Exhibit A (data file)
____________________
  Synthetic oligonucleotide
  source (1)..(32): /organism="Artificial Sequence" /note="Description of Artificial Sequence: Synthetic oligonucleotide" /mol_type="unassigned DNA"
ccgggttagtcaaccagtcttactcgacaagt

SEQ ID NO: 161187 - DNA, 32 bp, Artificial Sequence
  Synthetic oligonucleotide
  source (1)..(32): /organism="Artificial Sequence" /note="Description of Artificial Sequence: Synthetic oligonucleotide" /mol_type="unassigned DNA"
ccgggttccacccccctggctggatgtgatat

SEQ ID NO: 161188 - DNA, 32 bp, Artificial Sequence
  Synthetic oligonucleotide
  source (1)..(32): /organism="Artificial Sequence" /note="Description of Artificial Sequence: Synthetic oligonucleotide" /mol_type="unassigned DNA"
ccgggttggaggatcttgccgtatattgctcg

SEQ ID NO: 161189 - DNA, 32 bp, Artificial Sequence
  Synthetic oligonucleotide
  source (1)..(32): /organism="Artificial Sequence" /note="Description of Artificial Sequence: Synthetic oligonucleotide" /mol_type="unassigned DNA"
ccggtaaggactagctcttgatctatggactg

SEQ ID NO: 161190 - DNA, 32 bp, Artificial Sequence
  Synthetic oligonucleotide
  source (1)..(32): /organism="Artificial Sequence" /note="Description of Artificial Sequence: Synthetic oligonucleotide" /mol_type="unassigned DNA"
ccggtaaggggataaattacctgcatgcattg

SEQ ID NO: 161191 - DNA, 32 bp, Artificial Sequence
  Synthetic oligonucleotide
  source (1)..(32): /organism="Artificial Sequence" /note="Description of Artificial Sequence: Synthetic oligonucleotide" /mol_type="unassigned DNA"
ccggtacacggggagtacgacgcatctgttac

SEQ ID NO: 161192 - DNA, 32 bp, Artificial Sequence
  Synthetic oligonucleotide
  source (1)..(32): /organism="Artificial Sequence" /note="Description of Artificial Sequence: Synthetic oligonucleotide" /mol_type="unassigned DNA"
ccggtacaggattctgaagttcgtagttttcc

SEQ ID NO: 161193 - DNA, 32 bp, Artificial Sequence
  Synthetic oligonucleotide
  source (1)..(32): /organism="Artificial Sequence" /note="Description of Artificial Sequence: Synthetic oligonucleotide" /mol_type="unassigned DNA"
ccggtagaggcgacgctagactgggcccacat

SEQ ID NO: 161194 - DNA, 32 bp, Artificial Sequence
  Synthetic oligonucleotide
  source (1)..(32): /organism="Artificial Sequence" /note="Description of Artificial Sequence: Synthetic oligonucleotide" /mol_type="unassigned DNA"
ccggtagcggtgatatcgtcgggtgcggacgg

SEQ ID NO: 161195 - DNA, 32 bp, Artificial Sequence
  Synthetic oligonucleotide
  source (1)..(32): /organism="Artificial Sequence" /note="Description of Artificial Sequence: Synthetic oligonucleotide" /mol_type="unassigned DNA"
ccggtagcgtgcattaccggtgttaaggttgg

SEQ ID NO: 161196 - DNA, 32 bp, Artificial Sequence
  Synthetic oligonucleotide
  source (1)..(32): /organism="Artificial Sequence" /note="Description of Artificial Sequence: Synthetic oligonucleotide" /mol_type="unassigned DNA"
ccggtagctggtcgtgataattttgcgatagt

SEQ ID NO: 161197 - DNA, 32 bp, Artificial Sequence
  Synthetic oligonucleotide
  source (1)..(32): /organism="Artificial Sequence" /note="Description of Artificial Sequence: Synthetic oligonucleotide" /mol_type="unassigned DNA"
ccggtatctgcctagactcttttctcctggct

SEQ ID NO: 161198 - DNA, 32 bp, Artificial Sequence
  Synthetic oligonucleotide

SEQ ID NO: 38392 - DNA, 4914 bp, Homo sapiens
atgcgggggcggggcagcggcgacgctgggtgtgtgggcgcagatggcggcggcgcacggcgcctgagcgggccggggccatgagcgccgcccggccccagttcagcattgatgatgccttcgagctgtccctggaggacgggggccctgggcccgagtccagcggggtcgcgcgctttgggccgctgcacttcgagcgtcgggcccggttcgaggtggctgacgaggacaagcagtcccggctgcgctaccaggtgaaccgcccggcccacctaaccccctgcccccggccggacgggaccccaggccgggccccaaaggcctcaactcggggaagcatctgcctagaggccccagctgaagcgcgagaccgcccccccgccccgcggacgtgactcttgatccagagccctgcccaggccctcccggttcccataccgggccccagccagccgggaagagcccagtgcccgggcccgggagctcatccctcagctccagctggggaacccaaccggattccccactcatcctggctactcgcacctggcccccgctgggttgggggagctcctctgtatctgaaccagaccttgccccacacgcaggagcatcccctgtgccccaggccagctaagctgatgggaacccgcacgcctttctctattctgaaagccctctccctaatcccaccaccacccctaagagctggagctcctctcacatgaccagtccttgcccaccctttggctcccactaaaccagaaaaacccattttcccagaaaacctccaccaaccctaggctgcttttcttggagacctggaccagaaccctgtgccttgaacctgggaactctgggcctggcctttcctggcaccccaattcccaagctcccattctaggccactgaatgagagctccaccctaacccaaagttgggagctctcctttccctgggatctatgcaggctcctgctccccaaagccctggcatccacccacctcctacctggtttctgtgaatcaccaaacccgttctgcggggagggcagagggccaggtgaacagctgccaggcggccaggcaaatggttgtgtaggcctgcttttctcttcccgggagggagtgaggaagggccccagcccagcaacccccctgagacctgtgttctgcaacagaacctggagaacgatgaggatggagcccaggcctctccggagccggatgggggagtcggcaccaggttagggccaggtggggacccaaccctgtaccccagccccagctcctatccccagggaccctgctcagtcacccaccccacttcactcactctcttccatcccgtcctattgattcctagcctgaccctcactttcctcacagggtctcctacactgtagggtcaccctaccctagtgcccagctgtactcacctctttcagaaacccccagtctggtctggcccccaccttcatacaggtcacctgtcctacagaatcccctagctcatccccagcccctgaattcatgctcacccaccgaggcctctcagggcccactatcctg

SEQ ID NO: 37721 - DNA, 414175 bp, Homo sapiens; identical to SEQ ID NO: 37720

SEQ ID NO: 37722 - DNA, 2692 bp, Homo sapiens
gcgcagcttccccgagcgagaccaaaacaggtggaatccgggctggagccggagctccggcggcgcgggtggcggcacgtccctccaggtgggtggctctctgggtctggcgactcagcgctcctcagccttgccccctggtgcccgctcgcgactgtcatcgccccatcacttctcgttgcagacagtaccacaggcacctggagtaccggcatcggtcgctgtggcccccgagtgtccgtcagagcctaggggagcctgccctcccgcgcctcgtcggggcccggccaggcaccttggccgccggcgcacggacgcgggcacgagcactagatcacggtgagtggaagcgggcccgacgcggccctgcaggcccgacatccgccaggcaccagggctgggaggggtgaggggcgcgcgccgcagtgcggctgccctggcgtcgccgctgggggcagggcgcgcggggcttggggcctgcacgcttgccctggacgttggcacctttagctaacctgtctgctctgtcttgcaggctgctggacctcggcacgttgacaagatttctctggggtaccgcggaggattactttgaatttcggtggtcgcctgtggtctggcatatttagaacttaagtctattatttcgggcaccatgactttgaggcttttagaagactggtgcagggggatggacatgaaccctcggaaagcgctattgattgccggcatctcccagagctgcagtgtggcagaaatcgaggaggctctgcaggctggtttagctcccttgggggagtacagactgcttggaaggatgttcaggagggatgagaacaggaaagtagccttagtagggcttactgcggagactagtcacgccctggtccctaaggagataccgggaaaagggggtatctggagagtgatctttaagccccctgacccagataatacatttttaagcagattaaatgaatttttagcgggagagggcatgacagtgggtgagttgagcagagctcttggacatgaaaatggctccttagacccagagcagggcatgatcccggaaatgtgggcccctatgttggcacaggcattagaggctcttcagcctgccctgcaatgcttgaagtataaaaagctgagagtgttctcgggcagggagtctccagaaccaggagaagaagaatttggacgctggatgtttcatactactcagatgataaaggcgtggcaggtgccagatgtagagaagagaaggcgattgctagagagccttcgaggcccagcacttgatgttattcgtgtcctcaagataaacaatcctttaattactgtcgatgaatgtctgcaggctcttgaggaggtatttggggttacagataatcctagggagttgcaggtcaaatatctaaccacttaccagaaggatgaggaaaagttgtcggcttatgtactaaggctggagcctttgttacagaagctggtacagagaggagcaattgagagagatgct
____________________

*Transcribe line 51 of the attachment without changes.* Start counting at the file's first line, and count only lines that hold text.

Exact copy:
atgcgggggcggggcagcggcgacgctgggtgtgtgggcgcagatggcggcggcgcacggcgcctgagcgggccggggccatgagcgccgcccggccccagttcagcattgatgatgccttcgagctgtccctggaggacgggggccctgggcccgagtccagcggggtcgcgcgctttgggccgctgcacttcgagcgtcgggcccggttcgaggtggctgacgaggacaagcagtcccggctgcgctaccaggtgaaccgcccggcccacctaaccccctgcccccggccggacgggaccccaggccgggccccaaaggcctcaactcggggaagcatctgcctagaggccccagctgaagcgcgagaccgcccccccgccccgcggacgtgactcttgatccagagccctgcccaggccctcccggttcccataccgggccccagccagccgggaagagcccagtgcccgggcccgggagctcatccctcagctccagctggggaacccaaccggattccccactcatcctggctactcgcacctggcccccgctgggttgggggagctcctctgtatctgaaccagaccttgccccacacgcaggagcatcccctgtgccccaggccagctaagctgatgggaacccgcacgcctttctctattctgaaagccctctccctaatcccaccaccacccctaagagctggagctcctctcacatgaccagtccttgcccaccctttggctcccactaaaccagaaaaacccattttcccagaaaacctccaccaaccctaggctgcttttcttggagacctggaccagaaccctgtgccttgaacctgggaactctgggcctggcctttcctggcaccccaattcccaagctcccattctaggccactgaatgagagctccaccctaacccaaagttgggagctctcctttccctgggatctatgcaggctcctgctccccaaagccctggcatccacccacctcctacctggtttctgtgaatcaccaaacccgttctgcggggagggcagagggccaggtgaacagctgccaggcggccaggcaaatggttgtgtaggcctgcttttctcttcccgggagggagtgaggaagggccccagcccagcaacccccctgagacctgtgttctgcaacagaacctggagaacgatgaggatggagcccaggcctctccggagccggatgggggagtcggcaccaggttagggccaggtggggacccaaccctgtaccccagccccagctcctatccccagggaccctgctcagtcacccaccccacttcactcactctcttccatcccgtcctattgattcctagcctgaccctcactttcctcacagggtctcctacactgtagggtcaccctaccctagtgcccagctgtactcacctctttcagaaacccccagtctggtctggcccccaccttcatacaggtcacctgtcctacagaatcccctagctcatccccagcccctgaattcatgctcacccaccgaggcctctcagggcccactatcctg